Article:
(CNN)Ava DuVernay tackles racial division in America and the disproportionate incarceration of African-American men in her new Netflix documentary, "13th."
Ava DuVernay hopes her documentary '13th' will spark a 'revolution within'
"It's deeply embedded in the fabric of America. The first step to combat it is to know that it exists." DuVernay told CNN. "That's my hope with the '13th.' Not that it produces some legislation or instigates some kind of protest, but that it allows people to have a revolution within about what we think about this issue and be forward thinking about how we approach it from now on."
DuVernay's documentary traces incarceration in America from the abolition of slavery and the ratification of the 13th Amendment in 1865, to today's mass prison populations.
"I've always had the story in my heart, in my mind," DuVernay said. "I grew up in Compton, an environment in which I was constantly surrounded by very robust police presence. The criminal justice system was not a term, it was something I lived every day."
Through archival footage and interviews, the film explores connections between some political rhetoric and incarceration rates.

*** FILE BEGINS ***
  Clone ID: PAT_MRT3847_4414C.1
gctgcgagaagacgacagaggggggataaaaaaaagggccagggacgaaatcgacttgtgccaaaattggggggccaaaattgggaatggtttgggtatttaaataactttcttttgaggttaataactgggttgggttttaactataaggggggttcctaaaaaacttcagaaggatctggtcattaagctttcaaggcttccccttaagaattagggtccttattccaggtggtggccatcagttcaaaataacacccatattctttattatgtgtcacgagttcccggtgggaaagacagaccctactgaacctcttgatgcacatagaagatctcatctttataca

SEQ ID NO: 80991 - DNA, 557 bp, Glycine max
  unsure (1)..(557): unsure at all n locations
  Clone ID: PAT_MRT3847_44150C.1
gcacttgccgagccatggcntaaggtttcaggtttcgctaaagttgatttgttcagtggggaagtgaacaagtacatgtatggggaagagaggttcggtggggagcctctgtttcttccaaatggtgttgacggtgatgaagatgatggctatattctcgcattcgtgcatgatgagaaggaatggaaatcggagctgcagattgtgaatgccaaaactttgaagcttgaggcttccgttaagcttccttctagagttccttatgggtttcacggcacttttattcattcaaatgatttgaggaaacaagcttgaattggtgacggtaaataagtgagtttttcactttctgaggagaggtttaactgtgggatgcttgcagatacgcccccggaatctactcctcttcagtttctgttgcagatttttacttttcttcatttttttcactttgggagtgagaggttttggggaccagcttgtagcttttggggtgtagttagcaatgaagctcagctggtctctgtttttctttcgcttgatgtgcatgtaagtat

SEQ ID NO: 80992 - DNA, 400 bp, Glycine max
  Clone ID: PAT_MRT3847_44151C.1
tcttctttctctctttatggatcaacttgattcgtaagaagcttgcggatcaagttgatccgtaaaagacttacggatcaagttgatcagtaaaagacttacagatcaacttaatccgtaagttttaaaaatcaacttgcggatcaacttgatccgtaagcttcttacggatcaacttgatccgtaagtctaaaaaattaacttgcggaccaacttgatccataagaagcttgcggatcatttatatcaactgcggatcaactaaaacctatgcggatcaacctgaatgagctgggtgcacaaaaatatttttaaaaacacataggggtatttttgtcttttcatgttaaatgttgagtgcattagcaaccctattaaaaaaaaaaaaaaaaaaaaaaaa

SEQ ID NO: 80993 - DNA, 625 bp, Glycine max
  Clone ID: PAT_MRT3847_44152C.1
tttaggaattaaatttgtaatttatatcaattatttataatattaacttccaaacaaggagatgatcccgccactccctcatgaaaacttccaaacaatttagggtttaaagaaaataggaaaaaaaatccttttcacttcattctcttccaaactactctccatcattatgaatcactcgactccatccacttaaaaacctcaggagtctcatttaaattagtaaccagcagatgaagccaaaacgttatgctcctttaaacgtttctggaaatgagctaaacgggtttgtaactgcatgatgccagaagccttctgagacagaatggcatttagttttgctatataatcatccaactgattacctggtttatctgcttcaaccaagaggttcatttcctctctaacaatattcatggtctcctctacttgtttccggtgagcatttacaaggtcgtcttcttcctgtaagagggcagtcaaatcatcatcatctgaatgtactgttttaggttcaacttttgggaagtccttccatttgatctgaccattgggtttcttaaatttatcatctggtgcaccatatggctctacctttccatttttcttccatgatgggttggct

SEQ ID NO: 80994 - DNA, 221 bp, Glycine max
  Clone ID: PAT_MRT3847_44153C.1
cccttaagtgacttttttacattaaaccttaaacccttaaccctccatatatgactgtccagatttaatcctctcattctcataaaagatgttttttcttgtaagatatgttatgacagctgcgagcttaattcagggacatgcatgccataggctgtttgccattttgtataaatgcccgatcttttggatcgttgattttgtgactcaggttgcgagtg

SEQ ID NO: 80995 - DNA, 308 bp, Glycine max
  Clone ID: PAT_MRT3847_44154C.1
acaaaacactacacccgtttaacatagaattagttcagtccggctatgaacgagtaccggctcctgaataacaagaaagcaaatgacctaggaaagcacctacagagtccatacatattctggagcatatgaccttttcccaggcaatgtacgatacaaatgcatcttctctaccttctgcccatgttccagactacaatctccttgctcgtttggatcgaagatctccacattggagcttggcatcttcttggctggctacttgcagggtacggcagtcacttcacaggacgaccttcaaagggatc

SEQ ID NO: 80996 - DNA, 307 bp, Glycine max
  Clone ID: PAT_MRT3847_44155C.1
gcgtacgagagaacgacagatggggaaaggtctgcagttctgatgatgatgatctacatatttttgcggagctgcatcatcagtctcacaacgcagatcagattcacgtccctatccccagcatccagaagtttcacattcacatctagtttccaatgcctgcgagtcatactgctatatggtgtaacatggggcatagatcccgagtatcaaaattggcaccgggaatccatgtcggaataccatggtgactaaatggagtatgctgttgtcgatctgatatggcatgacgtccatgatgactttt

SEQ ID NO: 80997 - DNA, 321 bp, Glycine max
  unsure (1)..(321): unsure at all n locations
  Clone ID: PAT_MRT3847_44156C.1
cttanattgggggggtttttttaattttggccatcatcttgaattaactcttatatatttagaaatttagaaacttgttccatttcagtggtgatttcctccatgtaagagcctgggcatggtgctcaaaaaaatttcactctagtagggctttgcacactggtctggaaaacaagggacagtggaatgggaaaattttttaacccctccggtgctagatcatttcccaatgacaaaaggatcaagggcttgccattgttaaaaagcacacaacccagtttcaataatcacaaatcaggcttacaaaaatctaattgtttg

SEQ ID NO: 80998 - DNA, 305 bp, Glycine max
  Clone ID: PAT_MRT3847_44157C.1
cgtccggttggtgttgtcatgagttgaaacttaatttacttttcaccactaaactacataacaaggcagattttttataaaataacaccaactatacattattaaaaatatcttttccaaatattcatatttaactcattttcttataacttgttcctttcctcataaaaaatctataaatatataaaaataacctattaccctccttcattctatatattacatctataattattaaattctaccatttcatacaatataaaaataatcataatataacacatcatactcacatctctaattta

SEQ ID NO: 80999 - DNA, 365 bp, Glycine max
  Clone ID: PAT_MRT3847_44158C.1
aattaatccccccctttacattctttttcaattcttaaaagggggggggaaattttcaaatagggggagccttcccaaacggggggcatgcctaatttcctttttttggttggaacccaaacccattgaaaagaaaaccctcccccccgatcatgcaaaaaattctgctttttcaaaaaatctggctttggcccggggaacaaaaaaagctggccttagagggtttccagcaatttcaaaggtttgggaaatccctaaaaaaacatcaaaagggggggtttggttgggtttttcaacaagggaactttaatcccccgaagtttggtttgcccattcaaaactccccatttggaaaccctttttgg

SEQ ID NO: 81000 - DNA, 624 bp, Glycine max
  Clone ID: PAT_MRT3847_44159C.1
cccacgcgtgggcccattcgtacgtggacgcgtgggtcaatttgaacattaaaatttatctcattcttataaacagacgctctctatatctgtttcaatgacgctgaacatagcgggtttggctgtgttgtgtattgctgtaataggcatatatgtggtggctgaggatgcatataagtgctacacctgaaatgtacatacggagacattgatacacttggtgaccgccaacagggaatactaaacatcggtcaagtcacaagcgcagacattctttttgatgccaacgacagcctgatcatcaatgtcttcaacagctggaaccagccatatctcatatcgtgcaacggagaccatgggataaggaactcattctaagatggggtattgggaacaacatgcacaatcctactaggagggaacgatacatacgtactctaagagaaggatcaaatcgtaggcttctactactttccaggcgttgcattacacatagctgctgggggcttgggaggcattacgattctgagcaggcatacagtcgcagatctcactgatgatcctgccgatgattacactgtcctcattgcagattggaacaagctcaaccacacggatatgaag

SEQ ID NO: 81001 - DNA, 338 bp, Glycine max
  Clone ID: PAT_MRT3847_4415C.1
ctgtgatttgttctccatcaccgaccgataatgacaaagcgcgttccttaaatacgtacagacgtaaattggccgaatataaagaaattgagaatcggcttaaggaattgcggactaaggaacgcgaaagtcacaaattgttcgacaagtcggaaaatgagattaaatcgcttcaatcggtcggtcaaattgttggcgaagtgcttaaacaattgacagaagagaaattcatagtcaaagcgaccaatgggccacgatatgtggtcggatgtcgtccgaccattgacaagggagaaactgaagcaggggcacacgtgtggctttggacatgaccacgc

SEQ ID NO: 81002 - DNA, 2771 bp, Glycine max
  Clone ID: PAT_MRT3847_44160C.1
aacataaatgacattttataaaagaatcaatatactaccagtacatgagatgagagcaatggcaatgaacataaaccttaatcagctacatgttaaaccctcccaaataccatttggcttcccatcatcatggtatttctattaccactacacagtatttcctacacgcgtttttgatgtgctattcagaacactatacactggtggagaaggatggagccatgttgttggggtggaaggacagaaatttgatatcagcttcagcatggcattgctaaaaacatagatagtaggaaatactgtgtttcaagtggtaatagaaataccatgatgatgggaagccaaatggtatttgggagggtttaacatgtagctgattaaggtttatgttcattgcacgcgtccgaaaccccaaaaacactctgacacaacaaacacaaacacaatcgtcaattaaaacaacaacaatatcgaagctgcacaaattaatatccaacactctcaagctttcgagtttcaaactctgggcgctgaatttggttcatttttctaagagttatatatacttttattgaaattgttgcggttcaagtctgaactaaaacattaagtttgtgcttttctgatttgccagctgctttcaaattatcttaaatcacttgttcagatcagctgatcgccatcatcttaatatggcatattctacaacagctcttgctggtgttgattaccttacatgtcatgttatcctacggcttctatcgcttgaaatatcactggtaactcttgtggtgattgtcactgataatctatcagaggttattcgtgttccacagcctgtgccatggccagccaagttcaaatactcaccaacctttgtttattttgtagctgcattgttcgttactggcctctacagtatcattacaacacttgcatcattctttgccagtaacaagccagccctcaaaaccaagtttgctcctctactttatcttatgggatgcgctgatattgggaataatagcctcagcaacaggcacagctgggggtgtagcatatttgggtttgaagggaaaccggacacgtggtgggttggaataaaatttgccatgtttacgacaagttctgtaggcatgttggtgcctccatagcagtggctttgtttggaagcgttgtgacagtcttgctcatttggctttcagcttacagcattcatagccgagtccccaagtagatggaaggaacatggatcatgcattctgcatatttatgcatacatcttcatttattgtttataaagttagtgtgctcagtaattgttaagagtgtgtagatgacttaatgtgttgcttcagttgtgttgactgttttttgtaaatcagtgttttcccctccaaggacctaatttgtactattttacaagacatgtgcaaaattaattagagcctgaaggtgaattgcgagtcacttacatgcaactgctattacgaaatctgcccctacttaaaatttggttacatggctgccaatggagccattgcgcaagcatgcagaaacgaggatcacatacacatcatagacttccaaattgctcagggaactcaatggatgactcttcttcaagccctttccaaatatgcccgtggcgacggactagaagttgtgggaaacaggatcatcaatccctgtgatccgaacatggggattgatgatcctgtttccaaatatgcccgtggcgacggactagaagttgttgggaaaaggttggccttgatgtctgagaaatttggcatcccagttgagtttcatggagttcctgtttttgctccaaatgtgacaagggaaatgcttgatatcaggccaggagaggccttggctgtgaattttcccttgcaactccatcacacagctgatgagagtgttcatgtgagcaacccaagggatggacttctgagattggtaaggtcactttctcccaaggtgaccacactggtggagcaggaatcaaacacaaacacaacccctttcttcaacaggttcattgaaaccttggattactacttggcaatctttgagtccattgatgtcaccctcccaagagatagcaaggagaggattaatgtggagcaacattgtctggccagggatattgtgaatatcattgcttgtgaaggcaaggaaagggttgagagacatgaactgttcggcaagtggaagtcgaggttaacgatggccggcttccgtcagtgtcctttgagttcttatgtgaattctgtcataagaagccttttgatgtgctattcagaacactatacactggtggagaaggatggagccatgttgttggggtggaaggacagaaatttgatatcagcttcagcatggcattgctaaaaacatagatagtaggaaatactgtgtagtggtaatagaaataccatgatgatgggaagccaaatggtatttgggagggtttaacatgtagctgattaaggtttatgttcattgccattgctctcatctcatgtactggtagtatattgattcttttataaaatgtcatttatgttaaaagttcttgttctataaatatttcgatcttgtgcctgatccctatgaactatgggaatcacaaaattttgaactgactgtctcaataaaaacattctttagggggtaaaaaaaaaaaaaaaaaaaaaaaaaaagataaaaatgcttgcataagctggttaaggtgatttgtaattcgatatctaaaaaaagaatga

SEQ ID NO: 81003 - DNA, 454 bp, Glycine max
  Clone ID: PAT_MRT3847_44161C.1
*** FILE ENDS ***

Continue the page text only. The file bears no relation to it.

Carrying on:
One scene features Richard Nixon campaigning for president in 1968 repeating the phrase "law and order" -- a phrase also invoked by Donald Trump throughout his current campaign. (Hillary Clinton's advocacy of the 1994 crime bill, which her husband signed into law as president and has since disavowed, is also shown in the film.)
"It's not new. Scare tactics, violent rhetoric has been constantly used. The black body has been constantly used for political gain to make people afraid, so that someone else can gain and profit," DuVernay told CNN.
"['13th' is] coming out at a time where it might provide some foundational knowledge for folks as we really make demands of our candidates to go beyond Twitter beefs and get into the real issues that affect our everyday lives," she said.
"13th" premieres on Netflix October 7.